A new idea is currently emerging from international humanitarian agencies that seek to empower communities in Nigeria to tackle their internal displacement crisis head-on.
On the global and national levels generally, the theme that dominates discussions on internally displaced persons is conflict-induced displacements.
But environmental rights advocacy groups are insisting that there are linkages between oil-based environmental degradation and displacements in the Niger Delta.
They are seeing displacement as a definite social condition that diminishes individuals and group capacity to pursue interests that may or may not involve relocation.
Oil-related environmental problems – oil spillages, gas flaring, among others, are diminishing the productivity of oil-bearing communities, resulting to occupational and income losses that set in both voluntary and involuntary migration.
For this reason, some individuals are living as aliens in their own communities, where they are unable to actualise their interest or aspirations.
Environmentalists like Nnimmo Bassey and the United Nations Environment Programme (UNEP) have been drawing attention to the urgent need to resolve environmental degradation issues in the Niger Delta.
Similarly, the emerging idea will also be of great advantage to communities in the North-East axis of Nigeria being displaced by the Boko Haram conflict.
The Boko Haram insurgency has displaced around 2.4 million people in the Lake Chad Basin.
Although the Nigerian military has regained control in parts of the vulnerable North-East, civilians in Nigeria, Cameroon, Chad and Niger continue to be affected by grave violations of human rights, widespread sexual and gender-based violence, forced recruitment and suicide bombings.
The emerging idea demands governments to strengthen local capacities in humanitarian and health responses in a bid to ensure socioeconomic recovery.
This is coming because, by the end of 2019, the total number of people internally displaced due to conflict, violence and disasters reached a record high of 50 million. More than 33 million were newly displaced over the course of the year.
Worried, humanitarian and human rights leaders convened on Thursday to explore durable solutions for the world’s internally displaced persons (IDPs) as well as the host communities and governments like those in Nigeria affected by internal displacement.
The UN migration agency, International Organisation for Migration (IOM) joined the virtual high-level panel discussion, which showcases efforts by the international community to pursue concrete solutions through the Secretary General’s High-Level Panel on Internal Displacement launched in February, as part of the week-long Humanitarian Affairs Segment of the UN’s Economic and Social Council (ECOSOC).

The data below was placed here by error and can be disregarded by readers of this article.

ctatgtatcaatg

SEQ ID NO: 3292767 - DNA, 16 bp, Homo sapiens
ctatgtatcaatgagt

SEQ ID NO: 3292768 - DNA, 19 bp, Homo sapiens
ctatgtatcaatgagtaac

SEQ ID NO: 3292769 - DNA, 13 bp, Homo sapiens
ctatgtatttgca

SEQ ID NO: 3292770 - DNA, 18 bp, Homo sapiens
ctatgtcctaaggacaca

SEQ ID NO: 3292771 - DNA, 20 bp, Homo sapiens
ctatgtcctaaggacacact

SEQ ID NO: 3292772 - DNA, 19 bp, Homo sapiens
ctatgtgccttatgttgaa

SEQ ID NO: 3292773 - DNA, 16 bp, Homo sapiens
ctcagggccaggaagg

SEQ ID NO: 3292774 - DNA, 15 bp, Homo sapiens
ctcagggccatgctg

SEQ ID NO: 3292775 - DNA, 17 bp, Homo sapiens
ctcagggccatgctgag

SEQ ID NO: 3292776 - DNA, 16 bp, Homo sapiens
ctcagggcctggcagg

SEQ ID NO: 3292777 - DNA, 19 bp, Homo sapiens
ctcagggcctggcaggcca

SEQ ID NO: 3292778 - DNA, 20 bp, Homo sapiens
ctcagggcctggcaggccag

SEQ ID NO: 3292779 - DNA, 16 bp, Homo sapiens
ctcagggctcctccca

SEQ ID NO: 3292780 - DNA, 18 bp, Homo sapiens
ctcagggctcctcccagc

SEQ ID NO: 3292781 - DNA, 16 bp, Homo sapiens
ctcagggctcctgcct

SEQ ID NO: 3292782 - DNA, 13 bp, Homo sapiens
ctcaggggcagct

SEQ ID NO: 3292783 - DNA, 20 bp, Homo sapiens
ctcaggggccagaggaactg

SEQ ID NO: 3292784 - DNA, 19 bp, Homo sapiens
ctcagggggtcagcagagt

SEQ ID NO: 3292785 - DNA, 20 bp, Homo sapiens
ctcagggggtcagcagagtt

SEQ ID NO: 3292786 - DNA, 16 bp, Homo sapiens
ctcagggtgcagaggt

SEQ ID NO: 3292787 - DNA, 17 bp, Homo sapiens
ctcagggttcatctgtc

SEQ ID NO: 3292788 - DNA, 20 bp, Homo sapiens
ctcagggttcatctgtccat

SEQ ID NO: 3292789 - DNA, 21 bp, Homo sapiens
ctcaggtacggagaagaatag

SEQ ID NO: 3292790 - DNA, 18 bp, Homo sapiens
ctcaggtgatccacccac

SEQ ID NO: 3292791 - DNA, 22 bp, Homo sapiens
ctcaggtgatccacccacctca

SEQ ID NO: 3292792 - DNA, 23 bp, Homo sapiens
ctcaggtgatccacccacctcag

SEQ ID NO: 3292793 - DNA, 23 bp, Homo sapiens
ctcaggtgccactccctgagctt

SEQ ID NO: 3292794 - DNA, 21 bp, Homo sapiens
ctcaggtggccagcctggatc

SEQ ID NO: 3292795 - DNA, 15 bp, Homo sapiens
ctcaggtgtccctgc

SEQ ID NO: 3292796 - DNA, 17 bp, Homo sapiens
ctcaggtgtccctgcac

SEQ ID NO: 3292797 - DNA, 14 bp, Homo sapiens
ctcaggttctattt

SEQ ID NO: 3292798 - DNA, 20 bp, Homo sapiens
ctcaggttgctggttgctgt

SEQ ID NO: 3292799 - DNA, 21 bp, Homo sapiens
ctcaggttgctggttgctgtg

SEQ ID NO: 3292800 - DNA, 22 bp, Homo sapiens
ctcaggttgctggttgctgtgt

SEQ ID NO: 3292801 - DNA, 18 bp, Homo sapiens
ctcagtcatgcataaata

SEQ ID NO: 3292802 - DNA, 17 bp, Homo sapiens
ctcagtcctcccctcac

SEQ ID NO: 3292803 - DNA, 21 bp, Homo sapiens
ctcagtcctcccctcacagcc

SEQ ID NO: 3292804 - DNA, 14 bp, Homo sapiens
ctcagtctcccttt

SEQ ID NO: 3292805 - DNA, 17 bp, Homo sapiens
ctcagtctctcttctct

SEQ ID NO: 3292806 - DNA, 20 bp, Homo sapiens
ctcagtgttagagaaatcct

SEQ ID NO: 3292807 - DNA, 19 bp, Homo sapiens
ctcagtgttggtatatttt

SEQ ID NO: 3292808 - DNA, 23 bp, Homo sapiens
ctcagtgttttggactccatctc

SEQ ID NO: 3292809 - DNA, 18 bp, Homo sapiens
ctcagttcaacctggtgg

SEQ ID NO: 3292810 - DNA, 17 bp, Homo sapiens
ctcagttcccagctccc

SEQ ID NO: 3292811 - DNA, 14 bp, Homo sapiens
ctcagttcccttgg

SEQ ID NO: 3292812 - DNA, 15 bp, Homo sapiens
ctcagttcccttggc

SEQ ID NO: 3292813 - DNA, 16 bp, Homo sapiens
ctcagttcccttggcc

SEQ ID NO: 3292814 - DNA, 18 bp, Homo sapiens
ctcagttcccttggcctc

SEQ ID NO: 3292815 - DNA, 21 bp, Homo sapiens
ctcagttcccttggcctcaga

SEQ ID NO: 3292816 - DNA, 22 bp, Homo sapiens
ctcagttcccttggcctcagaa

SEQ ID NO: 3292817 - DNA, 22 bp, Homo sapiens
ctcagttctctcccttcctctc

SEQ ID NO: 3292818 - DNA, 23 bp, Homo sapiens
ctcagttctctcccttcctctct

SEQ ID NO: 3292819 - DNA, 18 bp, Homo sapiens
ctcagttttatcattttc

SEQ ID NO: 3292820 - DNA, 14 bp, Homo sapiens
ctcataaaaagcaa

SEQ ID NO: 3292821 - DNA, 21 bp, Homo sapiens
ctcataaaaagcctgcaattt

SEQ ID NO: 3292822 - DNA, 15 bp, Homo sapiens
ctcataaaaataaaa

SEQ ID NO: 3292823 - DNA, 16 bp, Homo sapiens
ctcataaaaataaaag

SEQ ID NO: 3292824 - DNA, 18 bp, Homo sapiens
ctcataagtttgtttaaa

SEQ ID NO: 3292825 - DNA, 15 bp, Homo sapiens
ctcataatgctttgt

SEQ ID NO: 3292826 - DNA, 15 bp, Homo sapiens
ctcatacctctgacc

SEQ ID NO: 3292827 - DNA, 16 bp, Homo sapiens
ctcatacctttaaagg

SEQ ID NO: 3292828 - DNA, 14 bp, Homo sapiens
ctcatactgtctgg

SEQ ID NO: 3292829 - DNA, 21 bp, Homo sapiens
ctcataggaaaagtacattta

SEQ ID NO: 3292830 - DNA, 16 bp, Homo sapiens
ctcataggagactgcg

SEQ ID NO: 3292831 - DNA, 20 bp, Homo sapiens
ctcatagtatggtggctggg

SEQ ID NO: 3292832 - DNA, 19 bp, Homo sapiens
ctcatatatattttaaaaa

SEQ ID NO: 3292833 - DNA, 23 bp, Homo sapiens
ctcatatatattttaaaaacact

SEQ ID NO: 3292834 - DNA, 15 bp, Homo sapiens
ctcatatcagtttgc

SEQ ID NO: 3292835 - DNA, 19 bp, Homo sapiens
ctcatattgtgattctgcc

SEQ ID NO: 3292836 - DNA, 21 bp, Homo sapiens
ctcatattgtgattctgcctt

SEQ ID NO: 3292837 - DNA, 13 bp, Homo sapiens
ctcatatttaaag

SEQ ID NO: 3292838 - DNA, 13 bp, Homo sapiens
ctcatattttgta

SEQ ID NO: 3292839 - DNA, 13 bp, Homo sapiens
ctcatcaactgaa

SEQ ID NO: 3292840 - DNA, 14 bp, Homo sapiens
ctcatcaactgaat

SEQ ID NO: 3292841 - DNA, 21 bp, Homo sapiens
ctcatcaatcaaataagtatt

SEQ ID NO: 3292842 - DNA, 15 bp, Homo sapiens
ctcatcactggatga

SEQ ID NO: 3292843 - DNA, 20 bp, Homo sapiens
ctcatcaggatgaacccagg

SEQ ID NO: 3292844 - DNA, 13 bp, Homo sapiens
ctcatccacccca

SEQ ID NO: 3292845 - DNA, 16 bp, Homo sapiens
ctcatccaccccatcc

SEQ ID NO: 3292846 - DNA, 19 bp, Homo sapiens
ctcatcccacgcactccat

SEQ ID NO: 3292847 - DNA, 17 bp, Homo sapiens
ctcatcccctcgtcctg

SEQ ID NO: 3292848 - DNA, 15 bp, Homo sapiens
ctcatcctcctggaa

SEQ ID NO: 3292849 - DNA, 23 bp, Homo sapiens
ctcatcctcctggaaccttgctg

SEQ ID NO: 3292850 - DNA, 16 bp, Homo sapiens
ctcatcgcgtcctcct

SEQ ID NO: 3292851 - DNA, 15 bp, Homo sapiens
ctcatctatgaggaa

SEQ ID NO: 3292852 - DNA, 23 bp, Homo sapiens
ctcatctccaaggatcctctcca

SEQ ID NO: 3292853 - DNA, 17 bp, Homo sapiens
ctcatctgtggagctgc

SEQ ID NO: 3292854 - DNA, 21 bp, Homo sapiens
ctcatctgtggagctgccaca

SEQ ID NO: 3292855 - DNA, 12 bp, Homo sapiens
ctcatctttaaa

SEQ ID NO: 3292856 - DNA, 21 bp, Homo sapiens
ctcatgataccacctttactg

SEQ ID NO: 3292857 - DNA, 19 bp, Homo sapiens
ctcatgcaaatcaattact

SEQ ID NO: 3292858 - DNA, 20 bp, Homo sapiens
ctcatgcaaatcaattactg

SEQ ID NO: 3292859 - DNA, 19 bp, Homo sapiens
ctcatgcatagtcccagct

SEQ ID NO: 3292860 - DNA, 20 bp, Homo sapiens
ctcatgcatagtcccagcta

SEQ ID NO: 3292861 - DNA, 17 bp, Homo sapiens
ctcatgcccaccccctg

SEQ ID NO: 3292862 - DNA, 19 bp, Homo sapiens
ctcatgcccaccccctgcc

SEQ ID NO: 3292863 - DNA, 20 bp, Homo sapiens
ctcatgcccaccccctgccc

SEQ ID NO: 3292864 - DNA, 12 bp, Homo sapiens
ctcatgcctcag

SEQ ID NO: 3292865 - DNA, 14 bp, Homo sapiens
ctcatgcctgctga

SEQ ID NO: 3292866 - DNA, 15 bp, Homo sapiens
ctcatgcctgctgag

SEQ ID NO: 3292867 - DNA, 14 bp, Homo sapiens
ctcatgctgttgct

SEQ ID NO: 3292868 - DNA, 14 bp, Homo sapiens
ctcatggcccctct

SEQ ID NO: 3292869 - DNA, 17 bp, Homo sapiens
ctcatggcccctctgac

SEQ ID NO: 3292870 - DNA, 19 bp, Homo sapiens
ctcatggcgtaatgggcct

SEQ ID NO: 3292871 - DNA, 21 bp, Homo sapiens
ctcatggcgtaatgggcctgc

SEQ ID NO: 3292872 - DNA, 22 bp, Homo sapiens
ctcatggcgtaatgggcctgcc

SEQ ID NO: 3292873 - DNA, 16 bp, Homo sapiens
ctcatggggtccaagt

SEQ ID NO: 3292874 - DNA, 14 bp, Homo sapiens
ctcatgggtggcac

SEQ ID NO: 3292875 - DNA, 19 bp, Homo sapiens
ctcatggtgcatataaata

IOM Director General, António Vitorino, says “as if the challenges we faced to finding concrete solutions to internal displacement were not enough, we must now also consider a pandemic on a scale the world has not seen in generations.”
The dire circumstances in which most IDPs live – often characterised by crowded and unsanitary living conditions where jobs and services are few – have worsened due to the health risks and socioeconomic impacts of COVID-19.
Vitorino highlighted the importance of the humanitarian-development-peace nexus (HDPN) to address the destabilising impacts of COVID-19 on IDPs by strengthening local capacities in humanitarian and health responses and ensuring socio-economic recovery.
The UN agency is one of the largest agencies responding to internal displacement. IOM assisted 21 million IDPs and six million people living in affected/host communities in 2019.
“IOM is present before, during and long after displacement situations are resolved giving us unique expertise and role in operationalising the nexus”, Vitorino says, adding, “our operations span the full displacement continuum – from preparedness and risk reduction to humanitarian response, transition to longer-term solutions, and development.”
Since the onset of COVID-19, IOM has remained on the frontlines – adapting its operations to continue to meet the needs of IDPs affected by the virus and “make IDPs part of the solution” for sustainable recovery and development.
The Thursday discussion was entitled Mobilising action to improve humanitarian assistance for internally displaced persons and achieve durable solutions. It was chaired by Permanent Representative of the Kingdom of Morocco, and Vice-President of ECOSOC, Omar Hilale, and moderated by the Head of the UN’s Office for the Coordination of Humanitarian Affairs, Mark Lowcock.
Vitorino was also joined by: Federica Mogherini, Co-Chair of the Secretary-General’s High-Level Panel on Internal Displacement; Michelle Bachelet, UN High Commissioner for Human Rights; Filippo Grandi, UN High Commissioner for Refugees; Dr. Asha Mohammed, Secretary-General of the Kenya Red Cross Society and others.